Between 2008 and 2012, British filmmaker John Bridcut produced a series of remarkably revealing composer portraits for the BBC. This is their first release on DVD and my word they are impressive, not just for their intelligent structure and insightful use of music, but also for the beautifully chosen visuals and powerful, non-gimmicky editing.

The films examine important aspects of three greats: Elgar, Vaughan Williams and Delius. Thanks to the director’s sure hand, there is a commonality of approach, in particular the unusual way ‘experts’ are shown listening to the music – a technique known as ‘commplay’. Far from being documentary suicide, the palpability of emotions thus gently probed proves immensely powerful – prepare to shed tears!

The Passions of Vaughan Williams (2008) won the Prix d’Argent and views the composer through a metropolitan lens to reveal a touchy-feely Londoner with not a cowpat in sight. And although we get somewhat salacious details about the aging RVW romancing his new young lady while his bedridden wife slips away slowly in an upstairs room, the end justifies the means, explaining this ever-surprising composer’s late creative flowering. Anthony Payne, Michael Kennedy, Robert Tear and the late Ursula Vaughan Williams are among the illuminating interviewees in a deeply moving study.

The BAFTA-winning Elgar: The Man Behind the Mask (2010) takes England’s most famous composer and strips away the veneer of Edwardian respectability to lay bare a gloomy figure full of ego, insecurities and frequent suicidal thoughts. Elgar manipulated his public image mercilessly – even having himself photographed on his deathbed – determined to be seen to have amounted to something. His amorous dalliances are equally revealing. Anthony Payne (who completed the Third Symphony), Sir Mark Elder, Sir Colin Davis, Edward Gardner and the irrepressible David Owen Norris are brilliantly insightful guides. The music is often overwhelming.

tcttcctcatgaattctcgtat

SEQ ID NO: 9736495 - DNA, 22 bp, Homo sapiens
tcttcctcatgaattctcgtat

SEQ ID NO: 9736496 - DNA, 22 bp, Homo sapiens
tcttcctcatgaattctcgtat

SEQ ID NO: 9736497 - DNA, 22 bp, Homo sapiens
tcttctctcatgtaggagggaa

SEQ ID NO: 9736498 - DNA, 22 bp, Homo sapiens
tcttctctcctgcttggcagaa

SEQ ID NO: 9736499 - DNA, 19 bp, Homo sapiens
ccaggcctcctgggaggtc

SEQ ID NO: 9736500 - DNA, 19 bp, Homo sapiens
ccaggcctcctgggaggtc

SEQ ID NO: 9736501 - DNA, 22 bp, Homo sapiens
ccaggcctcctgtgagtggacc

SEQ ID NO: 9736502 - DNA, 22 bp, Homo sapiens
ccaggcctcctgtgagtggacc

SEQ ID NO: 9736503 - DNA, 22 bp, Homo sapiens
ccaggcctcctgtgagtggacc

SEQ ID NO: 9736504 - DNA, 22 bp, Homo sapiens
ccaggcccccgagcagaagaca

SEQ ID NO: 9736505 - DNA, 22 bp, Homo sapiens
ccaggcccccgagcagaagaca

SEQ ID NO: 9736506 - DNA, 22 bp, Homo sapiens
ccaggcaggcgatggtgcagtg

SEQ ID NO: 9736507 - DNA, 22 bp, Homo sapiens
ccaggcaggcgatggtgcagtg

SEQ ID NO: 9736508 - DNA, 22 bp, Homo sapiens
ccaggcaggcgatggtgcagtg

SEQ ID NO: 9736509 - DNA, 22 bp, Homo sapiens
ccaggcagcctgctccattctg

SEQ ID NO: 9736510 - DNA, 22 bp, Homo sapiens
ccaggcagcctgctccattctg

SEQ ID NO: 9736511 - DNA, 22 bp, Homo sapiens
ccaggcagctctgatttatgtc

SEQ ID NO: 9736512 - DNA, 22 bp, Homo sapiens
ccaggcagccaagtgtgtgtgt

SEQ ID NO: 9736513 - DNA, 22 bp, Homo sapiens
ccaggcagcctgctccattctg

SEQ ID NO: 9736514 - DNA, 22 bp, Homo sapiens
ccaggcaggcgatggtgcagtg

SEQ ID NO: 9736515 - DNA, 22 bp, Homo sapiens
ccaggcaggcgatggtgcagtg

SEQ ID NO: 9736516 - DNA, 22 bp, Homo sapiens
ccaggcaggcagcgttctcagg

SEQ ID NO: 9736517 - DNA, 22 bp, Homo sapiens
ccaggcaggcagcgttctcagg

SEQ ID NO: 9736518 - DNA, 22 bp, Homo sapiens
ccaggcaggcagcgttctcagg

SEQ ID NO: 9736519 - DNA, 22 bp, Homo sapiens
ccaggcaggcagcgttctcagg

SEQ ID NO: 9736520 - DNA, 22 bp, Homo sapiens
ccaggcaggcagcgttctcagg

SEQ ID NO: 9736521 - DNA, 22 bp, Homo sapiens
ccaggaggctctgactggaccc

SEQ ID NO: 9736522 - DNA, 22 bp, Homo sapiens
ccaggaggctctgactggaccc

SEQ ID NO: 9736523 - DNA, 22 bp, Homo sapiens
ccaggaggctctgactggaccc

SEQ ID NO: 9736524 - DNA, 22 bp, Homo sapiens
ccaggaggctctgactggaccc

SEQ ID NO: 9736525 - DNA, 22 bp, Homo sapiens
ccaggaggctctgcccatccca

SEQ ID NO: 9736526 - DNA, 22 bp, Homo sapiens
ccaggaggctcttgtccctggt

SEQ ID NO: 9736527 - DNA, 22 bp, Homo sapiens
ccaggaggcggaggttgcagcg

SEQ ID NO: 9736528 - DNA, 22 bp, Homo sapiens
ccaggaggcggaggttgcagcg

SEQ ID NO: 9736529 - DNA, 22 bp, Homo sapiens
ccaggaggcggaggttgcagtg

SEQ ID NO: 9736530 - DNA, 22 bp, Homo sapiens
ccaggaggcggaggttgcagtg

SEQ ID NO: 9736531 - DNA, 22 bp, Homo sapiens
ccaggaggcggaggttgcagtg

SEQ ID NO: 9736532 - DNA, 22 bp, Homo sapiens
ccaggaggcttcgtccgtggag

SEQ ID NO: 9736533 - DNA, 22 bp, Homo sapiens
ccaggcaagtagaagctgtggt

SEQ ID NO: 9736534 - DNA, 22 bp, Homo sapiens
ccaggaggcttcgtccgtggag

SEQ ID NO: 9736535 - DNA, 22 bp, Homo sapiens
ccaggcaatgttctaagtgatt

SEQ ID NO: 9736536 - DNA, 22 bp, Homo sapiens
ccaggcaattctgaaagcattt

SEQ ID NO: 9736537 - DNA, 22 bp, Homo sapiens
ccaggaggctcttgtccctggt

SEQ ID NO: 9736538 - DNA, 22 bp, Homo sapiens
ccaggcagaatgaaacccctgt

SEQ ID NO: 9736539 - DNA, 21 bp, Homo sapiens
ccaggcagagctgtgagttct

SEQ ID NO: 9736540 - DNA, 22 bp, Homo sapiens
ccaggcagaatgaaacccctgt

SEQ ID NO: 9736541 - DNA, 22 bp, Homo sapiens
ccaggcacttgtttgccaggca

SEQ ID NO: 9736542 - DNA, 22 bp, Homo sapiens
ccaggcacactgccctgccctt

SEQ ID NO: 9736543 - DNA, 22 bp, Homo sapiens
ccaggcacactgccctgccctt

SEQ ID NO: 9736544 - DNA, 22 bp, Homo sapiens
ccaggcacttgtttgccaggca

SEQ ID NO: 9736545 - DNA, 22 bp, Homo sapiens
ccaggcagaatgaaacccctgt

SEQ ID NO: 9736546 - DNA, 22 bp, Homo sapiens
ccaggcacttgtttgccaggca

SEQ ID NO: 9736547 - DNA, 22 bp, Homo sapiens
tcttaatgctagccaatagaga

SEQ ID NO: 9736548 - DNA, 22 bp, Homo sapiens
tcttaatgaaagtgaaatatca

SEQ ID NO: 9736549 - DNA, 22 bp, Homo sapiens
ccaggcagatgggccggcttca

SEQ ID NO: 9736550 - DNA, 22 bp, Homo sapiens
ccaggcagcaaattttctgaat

The Pleasures of Delius, (2012) steers as clear of the paralysed syphilitic of Ken Russell’s Song of Summer as possible to focus on the young man from Bradford who absorbed African American melodies (and perhaps fathered a child) on a Florida orange plantation, dallied in Parisian dens of iniquity and caught a nasty dose of… well, the rest is history. Focussing on the sensuality of the music – Delius “worshipped sex,” wrote his friend Percy Grainger – the film explains how the composer attempted to write music for the moment, imbuing it with the diverse pleasures he had tasted in his hedonistic life. Sir Andrew Davis, French violinist Philippe Graffin and Norwegian composer Bo Holten each stake nationalistic claims.

As music documentaries go, few come within an inch of Bridcut. Not only have they been well worth the wait, they are frankly cheap as chips. Get them while they’re hot.

The Passions of Vaughan Williams, Elgar: The Man Behind the Mask and The Pleasures of Delius are out now on Crux Productions. The DVDs are Limelight‘s Recording of the Month in August. Read our interview with John Bridcut here.

Limelight, Australia's Classical Music and Arts Magazine